Does Bankruptcy Clear Court Fines in California?
What Does It Mean if a Debt Is Dischargeable? Debts are divided into several categories when filing for bankruptcy in California. For example, some debts are deemed “dischargeable” while others are classified as “non-dischargeable” debts. Put simply, a dischargeable debt is a debt for which the filer will no longer be liable when the bankruptcy court enters a discharge order on the debtor’s behalf. Conversely, a non-dischargeable debt is a debt that will remain with the filer even after the bankruptcy case is over. Unlike dischargeable debts, which are effectively wiped out, non-dischargeable debts must be paid regardless of a bankruptcy case’s successful completion. As a matter of public policy, Congress determined that certain debts would not be dischargeable in bankruptcy. More specifically, there are nineteen categories of debt that cannot be discharged in bankruptcy. For all practical purposes, the following debts are non-dischargeable. A debtor would have to demonstrate extraordinarily rare circumstances to have a court discharge any of the following debts.
Debt that was not included on your bankruptcy schedules, unless the creditor was aware you were filing for bankruptcy
Alimony or child support
Penalties or fines owed to government agencies
Personal injury debt or judgments arising from a drunk driving accident
Debts arising out of a tax-advantaged retirement plan, for example, a 401(k) loan
Cooperative housing or Condominium fees
Attorney fees incurred for child support or custody
Criminal restitution and other court fines The other non-dischargeable debts will only be non-dischargeable if successfully challenged by the creditor. For example, if you purchased a luxury good within 90 days of filing for bankruptcy, the creditor could challenge whether the debt should be discharged. Other debts that could be challenged include those obtained fraudulently, under false pretenses, and debts that were incurred through the willful and malicious injury to a person or property. In these situations, a hearing will be scheduled and both sides, the creditor and debtor, are entitled to present their arguments.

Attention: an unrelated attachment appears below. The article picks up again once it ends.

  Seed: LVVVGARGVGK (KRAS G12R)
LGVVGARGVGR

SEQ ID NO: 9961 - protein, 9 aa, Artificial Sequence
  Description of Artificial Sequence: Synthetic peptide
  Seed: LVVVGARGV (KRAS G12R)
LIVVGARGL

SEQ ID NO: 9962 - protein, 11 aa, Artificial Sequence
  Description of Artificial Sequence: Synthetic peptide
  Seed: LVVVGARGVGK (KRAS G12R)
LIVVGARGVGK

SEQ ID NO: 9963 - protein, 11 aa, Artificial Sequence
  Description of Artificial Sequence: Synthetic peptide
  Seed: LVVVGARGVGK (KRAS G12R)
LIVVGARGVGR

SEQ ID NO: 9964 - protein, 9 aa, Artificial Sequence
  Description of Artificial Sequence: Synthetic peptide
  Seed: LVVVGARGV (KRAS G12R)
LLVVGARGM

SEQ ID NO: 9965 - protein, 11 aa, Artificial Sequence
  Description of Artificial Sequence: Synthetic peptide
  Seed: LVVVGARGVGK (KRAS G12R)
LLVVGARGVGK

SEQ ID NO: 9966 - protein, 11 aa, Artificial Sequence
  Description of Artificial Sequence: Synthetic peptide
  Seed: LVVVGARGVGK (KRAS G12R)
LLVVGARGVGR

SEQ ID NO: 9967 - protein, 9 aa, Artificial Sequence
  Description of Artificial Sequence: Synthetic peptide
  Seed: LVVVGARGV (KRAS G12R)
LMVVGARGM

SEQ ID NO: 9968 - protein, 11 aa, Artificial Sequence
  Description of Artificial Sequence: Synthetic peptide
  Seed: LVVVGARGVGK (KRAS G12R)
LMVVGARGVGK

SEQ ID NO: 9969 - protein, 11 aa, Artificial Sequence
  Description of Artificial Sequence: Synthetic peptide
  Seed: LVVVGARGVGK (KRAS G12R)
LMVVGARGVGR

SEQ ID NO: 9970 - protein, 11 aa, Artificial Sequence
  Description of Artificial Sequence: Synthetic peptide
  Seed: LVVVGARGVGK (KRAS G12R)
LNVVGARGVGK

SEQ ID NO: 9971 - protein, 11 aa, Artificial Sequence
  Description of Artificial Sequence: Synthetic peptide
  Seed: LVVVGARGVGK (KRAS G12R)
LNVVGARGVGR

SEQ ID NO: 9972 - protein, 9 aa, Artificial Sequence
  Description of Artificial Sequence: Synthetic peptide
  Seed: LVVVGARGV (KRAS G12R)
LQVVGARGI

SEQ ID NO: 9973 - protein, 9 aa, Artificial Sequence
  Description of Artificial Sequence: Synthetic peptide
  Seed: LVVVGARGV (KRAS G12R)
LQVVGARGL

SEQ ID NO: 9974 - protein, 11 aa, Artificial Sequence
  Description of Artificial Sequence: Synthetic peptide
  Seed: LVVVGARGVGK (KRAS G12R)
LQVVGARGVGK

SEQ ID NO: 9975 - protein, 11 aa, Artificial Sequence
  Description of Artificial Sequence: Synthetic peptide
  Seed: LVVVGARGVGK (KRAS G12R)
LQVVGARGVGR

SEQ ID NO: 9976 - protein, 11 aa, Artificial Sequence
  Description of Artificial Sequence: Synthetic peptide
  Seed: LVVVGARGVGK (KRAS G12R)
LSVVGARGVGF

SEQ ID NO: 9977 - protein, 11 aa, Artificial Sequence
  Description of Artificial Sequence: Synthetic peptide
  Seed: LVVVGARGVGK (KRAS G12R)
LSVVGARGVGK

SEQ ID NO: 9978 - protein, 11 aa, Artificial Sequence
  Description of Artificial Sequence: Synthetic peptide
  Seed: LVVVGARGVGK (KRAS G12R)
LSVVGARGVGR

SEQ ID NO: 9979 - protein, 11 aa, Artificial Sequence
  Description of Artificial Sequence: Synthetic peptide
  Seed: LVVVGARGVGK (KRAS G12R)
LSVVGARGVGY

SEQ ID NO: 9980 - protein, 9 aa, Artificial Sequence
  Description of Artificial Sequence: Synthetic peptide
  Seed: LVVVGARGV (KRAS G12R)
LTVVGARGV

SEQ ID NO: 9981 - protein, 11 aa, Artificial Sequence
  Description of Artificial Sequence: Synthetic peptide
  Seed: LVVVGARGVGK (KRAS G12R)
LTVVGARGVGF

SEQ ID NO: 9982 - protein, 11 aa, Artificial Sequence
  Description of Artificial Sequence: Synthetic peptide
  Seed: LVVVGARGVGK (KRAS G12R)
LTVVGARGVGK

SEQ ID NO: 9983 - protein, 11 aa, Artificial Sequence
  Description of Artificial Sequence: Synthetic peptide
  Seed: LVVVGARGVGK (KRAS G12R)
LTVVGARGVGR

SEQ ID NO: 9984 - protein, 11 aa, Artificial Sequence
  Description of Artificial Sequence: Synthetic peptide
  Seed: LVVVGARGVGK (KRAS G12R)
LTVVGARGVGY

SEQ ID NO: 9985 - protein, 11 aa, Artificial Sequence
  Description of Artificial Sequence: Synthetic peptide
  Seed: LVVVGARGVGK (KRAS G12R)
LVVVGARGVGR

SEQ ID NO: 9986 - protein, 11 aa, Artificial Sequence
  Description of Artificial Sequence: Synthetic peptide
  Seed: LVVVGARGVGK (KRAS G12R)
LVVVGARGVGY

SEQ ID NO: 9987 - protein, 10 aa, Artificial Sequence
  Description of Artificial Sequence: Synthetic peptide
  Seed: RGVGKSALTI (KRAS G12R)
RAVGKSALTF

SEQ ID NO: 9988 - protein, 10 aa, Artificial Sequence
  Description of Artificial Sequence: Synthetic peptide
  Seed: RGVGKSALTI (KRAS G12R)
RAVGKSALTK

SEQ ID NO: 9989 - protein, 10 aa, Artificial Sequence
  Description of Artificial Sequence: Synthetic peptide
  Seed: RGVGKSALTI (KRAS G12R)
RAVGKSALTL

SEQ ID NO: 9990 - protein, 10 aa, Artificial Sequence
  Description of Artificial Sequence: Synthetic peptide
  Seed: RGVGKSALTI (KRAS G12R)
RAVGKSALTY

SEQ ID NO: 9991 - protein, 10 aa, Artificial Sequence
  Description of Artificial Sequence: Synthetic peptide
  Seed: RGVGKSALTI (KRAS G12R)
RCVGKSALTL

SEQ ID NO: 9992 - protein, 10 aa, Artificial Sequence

Are Court Fees and Government Fines Dischargeable in Bankruptcy? Generally speaking, many court fees are non-dischargeable in Chapter 7 bankruptcy, which means they cannot be wiped out by the discharge. By comparison, Chapter 13 gives the filer time to pay off a greater array of court-related debts over the course of the three- to five-year plan of reorganization but requires that such debts be paid in full. Overall, the Chapter 13 discharge is more expansive than the Chapter 7 discharge and allows a greater variety of debts to be discharged — including debts arising from a variety of penalties and fines. To provide a few examples, the following fees and fines are dischargeable in Chapter 13, but not Chapter 7 bankruptcy:
Debts arising from malicious, willful property damage (but not bodily injury — for example, injury or death related to DUI)
Debts arising from divorce proceedings, such as property settlements Unlike Chapter 7 bankruptcy, Chapter 13 can also create an opportunity to discharge government fines and court fees such as unpaid bridge tolls, building code violation fines, and parking tickets. However, even with the broad discharge afforded by Chapter 13 bankruptcy in California, there are still certain court judgments that cannot be discharged under any circumstances. For example, regardless of whether an individual files for Chapter 7 or Chapter 13 bankruptcy, they will not be able to discharge debts arising from court-ordered alimony payments or child support payments.
Discharging Income Tax Debt in Chapter 13 and Chapter 7 Income tax-related debts are subject to a few unique regulations in bankruptcy cases. In Chapter 13 and Chapter 7, income tax obligations may be eligible for discharge if certain criteria are satisfied. A debt related to income tax may be discharged in Chapter 13 or Chapter 7 in California if the following conditions are met:
The taxpayer did not commit fraud or tax evasion.
The tax return was filed a minimum of two years before the debtor filed for bankruptcy.
The tax return was due a minimum of three years before the debtor declared bankruptcy, including extensions where applicable.
The Internal Revenue Service (IRS) did not assess the debtor’s liability for the debt during the 240 days preceding the bankruptcy: the taxes must have been assessed 240 days ago or more. Additionally, filers should be aware that while bankruptcy can release the debtor from liability for the tax obligation itself, the discharge does not wipe out liens arising from tax-related debts.